California kids, do you follow the news about the culture wars over local school boards?
If you do, you’ll see these wars portrayed as political contests between groups that want to take education in different direction: progressives and right-wingers, and fights between parents’ groups and teachers’ unions.
But you won’t hear much about the role of students in these debates. Because there isn’t one.
There’s a big reason why you’re being left out by these adults. The adults in your lives, for all their performative disagreements over your schools, share a unity of purpose in the education wars:
They want to trample on your already very limited rights as students.
They just attack you from different flanks.
On the right, conservative parents and their political allies seek to take away your right to read what you want. Groups with Orwellian names — like Moms for Liberty — are pursuing bans on books and curricula. Banning books limits what your teachers can teach, and which of your questions they can answer. The right is particularly interested in limiting what teachers can tell you about hot-button topics like race and sex.
The right is also demanding that teachers violate your privacy and make official reports, including to your parents, if you dare deviate from old-fashioned gender norms. Figuring out your identity is hard enough — between gossipy classmates and social media — without teachers being required to inform on you.
To its credit, the left is fighting these privacy intrusions. But the left has its own ways of limiting your freedoms and your educational horizons.
Teachers Unions, Dem Politicians Gang up on Students, Too
Remember that teachers unions and Democratic politicians violated your right to an education by closing the schools during the pandemic. Those same leaders haven’t done enough to help you recover the learning you lost in the pandemic, even though most of you are testing below grade level and many of you are chronically absent from school.
And inside your schools, the left is determined to keep you on their prescribed path by protecting outdated curriculum while adding requirements that match their political preferences — like ethnic studies. Meanwhile, schools rarely provide the technology courses you want. Unbelievably, just 40% of high schools in California, home of Silicon Valley, even offer computer science.
This isn’t a budget problem. Spending on schools is way up, but the new money ends up going to the salaries of adults.
If you still think your teachers, staff, and elected officials respect you, let me disabuse you of that notion.
Politicians and School Leaders Oppose ‘High Quality’ Education Initiative
During the pandemic, the Los Angeles Unified Schools superintendent faced litigation charging that he was violating students’ right to a good education. He responded by saying that students only had the right to a free education. It didn’t have to be good or even useful.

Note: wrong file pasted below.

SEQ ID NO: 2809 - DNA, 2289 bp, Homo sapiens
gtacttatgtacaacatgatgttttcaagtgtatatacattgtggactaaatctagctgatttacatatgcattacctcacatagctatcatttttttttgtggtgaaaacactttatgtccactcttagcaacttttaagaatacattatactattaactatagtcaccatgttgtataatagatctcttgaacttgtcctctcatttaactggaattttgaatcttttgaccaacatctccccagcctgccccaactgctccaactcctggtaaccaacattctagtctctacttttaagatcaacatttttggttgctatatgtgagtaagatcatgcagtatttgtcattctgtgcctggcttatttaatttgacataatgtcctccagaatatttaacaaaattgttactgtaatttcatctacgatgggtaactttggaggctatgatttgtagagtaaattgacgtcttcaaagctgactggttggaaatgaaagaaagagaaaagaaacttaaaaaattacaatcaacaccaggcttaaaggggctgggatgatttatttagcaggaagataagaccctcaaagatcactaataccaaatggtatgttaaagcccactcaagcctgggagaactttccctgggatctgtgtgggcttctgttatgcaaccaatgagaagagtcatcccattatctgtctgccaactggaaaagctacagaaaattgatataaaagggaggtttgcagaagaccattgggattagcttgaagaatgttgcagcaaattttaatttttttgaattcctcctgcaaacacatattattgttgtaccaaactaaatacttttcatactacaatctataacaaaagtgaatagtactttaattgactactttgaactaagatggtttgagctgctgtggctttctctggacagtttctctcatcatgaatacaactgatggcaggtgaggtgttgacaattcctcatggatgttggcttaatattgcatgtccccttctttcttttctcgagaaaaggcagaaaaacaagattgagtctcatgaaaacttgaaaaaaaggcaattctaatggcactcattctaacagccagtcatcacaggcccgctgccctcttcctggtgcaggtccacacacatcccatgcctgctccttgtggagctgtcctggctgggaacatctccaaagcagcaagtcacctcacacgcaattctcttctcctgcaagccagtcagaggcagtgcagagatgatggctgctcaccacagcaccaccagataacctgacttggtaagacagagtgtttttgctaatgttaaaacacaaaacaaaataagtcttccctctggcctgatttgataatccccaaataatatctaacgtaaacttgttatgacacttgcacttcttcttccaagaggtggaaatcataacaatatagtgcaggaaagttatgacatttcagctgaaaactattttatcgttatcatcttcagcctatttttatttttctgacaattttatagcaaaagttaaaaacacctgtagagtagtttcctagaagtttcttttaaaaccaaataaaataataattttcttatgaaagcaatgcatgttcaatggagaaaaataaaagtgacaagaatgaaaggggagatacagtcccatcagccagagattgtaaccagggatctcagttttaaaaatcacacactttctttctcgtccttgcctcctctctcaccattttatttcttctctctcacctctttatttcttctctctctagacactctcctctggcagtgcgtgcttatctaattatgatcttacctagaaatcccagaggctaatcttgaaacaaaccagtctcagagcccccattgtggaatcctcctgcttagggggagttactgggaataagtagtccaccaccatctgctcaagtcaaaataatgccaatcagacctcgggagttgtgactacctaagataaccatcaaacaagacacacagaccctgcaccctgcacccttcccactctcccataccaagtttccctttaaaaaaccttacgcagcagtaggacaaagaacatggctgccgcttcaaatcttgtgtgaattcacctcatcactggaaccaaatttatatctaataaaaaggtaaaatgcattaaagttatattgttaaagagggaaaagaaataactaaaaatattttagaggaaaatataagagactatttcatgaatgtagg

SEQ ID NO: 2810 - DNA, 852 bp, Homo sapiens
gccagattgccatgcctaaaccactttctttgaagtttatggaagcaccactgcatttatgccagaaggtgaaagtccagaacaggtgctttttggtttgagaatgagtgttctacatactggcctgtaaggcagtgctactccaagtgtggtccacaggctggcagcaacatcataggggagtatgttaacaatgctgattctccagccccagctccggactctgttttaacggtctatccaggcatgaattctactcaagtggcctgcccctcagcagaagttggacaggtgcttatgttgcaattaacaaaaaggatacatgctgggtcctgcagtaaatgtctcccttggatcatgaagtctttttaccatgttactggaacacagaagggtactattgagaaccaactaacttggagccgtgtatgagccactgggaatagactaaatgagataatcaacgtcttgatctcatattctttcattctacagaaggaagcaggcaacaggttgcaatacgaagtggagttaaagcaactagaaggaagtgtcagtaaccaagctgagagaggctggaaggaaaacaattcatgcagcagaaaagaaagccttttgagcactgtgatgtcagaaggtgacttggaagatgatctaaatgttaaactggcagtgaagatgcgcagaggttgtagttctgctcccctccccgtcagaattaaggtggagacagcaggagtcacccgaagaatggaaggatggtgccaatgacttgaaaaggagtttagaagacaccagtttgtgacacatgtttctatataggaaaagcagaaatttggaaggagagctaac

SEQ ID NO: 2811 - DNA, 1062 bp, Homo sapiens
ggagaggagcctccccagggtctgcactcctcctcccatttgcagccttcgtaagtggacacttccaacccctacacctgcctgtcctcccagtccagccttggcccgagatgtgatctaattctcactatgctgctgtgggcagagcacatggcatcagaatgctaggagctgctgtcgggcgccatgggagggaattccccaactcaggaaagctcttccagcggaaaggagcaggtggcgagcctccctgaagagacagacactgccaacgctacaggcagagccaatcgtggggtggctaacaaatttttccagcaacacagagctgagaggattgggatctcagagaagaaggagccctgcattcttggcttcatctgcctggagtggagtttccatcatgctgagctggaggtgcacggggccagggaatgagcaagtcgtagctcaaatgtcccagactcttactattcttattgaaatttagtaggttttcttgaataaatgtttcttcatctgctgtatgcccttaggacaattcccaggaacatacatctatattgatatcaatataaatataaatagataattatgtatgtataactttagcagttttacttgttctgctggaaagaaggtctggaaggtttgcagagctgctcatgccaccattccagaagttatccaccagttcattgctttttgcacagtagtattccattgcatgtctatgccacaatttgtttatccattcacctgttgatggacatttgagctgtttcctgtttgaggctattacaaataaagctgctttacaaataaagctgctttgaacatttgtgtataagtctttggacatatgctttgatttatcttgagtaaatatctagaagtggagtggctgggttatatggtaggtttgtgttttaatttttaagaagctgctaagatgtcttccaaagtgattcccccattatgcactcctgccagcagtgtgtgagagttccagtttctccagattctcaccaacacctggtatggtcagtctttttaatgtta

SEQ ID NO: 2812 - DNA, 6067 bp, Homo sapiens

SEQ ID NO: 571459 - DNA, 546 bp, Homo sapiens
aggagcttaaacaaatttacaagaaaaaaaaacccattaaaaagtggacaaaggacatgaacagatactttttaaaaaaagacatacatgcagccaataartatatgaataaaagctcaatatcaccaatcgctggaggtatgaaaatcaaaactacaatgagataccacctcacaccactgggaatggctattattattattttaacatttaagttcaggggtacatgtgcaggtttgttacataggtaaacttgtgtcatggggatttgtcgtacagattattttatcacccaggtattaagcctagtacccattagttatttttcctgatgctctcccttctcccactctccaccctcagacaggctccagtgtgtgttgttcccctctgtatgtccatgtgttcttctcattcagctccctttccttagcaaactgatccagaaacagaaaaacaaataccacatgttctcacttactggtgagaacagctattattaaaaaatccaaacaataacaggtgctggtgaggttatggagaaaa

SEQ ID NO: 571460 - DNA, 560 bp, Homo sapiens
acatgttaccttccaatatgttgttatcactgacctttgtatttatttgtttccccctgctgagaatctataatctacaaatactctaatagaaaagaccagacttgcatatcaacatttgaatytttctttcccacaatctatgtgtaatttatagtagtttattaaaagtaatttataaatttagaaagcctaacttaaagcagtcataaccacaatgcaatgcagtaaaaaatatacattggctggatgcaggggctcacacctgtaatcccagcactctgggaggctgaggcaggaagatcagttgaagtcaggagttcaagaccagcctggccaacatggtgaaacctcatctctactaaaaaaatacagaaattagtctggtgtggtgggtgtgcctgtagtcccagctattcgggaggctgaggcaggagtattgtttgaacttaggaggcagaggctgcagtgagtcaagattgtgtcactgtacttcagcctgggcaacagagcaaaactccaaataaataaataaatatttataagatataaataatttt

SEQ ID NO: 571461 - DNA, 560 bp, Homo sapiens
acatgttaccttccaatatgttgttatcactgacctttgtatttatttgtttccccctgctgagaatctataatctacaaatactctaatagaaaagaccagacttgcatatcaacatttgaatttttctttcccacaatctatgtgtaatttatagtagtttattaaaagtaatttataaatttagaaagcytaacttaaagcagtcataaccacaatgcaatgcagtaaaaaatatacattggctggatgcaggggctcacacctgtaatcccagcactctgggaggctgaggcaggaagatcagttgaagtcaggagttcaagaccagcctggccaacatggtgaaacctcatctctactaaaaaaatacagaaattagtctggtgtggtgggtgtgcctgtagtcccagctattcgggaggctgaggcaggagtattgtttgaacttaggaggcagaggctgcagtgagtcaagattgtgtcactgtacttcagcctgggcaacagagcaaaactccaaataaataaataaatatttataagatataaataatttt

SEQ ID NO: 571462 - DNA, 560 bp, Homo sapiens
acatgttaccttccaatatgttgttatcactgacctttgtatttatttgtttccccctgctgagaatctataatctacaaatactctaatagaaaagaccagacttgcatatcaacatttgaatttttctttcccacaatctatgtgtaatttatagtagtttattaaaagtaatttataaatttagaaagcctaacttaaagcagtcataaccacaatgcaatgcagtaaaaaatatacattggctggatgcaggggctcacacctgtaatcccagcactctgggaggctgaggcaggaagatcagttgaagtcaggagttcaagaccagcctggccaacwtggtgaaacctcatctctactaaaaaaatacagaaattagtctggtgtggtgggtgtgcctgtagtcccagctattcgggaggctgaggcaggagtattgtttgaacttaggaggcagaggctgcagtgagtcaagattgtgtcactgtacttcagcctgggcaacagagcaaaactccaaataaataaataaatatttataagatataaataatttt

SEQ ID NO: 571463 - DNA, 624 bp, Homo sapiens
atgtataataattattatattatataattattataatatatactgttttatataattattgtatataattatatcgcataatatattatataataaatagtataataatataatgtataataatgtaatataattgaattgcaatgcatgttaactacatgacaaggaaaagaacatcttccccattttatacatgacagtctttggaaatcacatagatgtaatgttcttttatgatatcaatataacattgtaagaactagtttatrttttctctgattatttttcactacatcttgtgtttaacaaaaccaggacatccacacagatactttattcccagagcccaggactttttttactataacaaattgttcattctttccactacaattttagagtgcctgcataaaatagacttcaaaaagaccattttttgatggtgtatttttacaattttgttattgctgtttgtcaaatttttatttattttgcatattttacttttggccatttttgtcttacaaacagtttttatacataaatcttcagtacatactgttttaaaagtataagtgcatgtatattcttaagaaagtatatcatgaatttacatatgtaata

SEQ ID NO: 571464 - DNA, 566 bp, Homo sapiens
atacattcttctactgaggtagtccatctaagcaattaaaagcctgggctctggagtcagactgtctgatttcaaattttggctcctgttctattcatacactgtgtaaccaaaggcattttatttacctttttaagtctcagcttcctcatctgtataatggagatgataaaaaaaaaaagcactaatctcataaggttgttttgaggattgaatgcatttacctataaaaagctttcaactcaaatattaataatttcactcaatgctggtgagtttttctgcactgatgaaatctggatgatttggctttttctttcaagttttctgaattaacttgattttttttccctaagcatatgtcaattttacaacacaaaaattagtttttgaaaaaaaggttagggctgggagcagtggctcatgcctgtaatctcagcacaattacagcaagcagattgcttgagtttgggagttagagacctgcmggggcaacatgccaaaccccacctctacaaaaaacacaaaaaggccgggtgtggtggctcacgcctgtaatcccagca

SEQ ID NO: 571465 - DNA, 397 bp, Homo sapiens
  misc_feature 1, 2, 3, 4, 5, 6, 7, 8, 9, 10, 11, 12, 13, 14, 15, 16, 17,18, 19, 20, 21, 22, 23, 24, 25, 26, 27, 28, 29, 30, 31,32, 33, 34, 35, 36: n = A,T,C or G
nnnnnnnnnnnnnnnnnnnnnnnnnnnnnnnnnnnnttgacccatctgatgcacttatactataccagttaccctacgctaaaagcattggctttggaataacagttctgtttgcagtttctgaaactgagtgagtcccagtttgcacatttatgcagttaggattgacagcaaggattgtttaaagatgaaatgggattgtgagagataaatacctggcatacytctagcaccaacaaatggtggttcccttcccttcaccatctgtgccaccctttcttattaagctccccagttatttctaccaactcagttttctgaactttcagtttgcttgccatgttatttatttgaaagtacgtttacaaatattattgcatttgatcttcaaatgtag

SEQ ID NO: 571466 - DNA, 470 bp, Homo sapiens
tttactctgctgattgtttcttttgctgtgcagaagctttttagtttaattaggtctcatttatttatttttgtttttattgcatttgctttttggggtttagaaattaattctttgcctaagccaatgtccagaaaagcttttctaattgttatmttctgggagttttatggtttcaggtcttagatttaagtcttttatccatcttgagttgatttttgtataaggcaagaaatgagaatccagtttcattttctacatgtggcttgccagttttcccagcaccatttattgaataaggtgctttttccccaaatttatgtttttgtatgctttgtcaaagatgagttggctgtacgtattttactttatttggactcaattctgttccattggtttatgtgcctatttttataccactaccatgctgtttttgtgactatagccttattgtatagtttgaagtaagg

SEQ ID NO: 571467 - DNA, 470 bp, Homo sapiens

Shockingly, California’s leaders and schools have embraced the superintendent’s position as their own — opposing a ballot initiative that would give you the right to a “high-quality” education. Here is the language: “The state and its school districts shall provide all public school students with high-quality public schools that equip them with the tools necessary to participate fully in our economy, our society, and our democracy.”
In opposing that promise, the educational establishment claims that a “high-quality” education requirement will produce a barrage of lawsuits and demands from you.
For your sake, I sure hope they are right.
In this context, students should go unapologetically on the offensive. If adults punish you for being combative, laugh in their faces — and remind them of their own combative educational wars.
Students Should Have Right to Vote in School Board Elections
You might try a one-day-a-week student strike, like the climate activist Greta Thunberg, and spend that time finding lawyers to sue your school districts. (Lawsuits, and their costs, are what really move school administrators.)
Or you could demand democracy from the Democrats who rule California. Since students know more about schools than most adults, why shouldn’t you have the right to vote and run in school board elections?
Indeed, school boards have been so captured — by teachers’ unions and parent groups —t hat there’s a strong case for turning school boards entirely over to students, who could check adult interests.
Adults are also constantly talking about the need to teach civics — while rarely funding actual civics classes. Turning school boards over to kids would be the greatest civics lesson possible.
About the Author
Joe Mathews writes the Connecting California column for Zócalo Public Square.